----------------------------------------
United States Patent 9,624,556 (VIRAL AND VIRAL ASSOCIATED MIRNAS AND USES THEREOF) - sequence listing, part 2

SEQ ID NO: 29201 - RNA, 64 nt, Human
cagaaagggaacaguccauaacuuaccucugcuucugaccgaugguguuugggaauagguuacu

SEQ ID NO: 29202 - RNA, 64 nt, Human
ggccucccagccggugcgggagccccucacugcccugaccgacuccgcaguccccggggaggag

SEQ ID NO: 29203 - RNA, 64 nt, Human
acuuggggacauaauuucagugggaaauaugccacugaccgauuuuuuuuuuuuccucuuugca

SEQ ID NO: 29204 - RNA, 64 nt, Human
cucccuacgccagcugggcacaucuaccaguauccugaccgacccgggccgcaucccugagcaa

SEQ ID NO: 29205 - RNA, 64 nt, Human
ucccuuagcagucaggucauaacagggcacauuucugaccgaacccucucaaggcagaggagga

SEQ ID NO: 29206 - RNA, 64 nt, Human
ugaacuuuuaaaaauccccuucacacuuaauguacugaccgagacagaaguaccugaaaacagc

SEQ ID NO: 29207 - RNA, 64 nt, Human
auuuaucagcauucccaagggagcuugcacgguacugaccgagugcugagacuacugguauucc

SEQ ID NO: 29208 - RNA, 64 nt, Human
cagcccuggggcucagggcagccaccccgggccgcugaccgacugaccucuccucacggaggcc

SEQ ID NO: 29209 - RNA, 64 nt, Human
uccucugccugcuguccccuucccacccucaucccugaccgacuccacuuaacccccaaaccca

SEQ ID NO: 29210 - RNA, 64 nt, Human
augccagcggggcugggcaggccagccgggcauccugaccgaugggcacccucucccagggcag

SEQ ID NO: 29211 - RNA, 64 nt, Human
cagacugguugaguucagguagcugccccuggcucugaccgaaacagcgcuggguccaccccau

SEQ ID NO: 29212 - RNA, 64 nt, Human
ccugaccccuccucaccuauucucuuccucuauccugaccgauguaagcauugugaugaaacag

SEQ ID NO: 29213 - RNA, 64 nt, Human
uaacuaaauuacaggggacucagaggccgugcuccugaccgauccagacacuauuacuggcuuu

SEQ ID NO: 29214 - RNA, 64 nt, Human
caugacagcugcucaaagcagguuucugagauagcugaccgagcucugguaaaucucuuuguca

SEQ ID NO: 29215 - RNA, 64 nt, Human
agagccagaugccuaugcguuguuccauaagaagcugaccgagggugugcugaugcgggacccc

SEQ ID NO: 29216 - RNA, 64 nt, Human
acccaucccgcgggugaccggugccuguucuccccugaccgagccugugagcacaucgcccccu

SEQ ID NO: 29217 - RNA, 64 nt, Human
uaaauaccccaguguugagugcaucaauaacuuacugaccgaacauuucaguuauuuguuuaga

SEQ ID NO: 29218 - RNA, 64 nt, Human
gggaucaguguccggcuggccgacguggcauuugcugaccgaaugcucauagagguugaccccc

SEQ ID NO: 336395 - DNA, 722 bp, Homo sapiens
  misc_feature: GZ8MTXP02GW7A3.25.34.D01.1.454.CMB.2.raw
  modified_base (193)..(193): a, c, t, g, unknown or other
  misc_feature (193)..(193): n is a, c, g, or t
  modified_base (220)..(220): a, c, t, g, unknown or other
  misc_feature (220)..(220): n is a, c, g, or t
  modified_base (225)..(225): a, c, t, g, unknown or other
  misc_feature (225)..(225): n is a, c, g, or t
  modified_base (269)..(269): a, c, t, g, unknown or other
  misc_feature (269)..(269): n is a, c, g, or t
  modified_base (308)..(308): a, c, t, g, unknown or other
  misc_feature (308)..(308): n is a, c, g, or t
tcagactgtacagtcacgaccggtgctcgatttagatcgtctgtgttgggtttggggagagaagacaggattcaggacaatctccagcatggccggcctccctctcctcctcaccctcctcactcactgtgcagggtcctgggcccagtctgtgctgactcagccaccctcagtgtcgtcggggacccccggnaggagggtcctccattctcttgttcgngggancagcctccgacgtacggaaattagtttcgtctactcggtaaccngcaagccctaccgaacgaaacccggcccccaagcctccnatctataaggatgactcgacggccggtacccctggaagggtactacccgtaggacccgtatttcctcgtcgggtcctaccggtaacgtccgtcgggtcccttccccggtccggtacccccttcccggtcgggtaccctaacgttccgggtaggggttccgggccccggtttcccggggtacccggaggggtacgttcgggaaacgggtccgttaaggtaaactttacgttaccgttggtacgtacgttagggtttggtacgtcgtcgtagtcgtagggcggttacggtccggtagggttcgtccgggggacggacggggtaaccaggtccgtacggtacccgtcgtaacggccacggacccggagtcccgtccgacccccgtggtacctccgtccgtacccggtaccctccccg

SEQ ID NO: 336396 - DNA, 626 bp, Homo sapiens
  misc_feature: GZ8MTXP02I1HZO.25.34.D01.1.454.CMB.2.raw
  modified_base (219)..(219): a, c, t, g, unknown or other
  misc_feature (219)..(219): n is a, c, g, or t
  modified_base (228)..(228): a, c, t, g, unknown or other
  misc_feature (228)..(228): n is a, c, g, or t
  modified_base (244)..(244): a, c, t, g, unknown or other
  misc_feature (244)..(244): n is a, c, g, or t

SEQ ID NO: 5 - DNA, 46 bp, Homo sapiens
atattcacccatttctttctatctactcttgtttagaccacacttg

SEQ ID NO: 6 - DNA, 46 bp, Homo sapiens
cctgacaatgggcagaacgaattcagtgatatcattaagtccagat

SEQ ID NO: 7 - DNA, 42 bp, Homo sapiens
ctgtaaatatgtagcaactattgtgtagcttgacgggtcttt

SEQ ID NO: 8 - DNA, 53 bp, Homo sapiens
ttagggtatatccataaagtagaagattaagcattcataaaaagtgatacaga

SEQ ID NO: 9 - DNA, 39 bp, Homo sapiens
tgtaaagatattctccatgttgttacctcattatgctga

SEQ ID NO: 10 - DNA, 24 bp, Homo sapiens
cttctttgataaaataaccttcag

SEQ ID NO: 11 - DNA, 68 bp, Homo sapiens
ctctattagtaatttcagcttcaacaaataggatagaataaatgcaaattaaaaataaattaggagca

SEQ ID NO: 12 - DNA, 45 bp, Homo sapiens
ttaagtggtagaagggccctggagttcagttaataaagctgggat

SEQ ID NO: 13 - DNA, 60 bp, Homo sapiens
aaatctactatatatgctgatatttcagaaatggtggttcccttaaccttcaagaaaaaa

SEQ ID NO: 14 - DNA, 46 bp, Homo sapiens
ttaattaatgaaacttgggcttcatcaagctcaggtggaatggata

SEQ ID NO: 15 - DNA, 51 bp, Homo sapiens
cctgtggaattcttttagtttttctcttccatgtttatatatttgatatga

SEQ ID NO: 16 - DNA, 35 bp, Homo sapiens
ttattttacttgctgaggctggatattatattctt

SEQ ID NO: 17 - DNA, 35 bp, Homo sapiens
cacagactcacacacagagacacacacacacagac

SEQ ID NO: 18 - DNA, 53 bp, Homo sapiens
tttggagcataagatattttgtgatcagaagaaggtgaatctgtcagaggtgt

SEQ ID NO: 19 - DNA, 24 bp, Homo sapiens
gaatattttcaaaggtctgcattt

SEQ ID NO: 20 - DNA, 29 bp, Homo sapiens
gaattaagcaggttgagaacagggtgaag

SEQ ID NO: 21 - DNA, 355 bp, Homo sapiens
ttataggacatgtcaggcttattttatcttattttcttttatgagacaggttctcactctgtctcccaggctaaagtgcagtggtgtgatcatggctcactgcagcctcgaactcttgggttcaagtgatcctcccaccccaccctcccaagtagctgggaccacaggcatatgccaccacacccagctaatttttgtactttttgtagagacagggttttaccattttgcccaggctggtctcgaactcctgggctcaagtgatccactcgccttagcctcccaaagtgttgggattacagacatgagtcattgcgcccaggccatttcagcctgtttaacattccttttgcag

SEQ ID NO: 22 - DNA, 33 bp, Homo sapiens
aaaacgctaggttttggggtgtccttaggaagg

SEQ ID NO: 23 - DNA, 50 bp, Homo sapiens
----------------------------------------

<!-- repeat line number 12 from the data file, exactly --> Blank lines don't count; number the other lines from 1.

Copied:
SEQ ID NO: 29206 - RNA, 64 nt, Human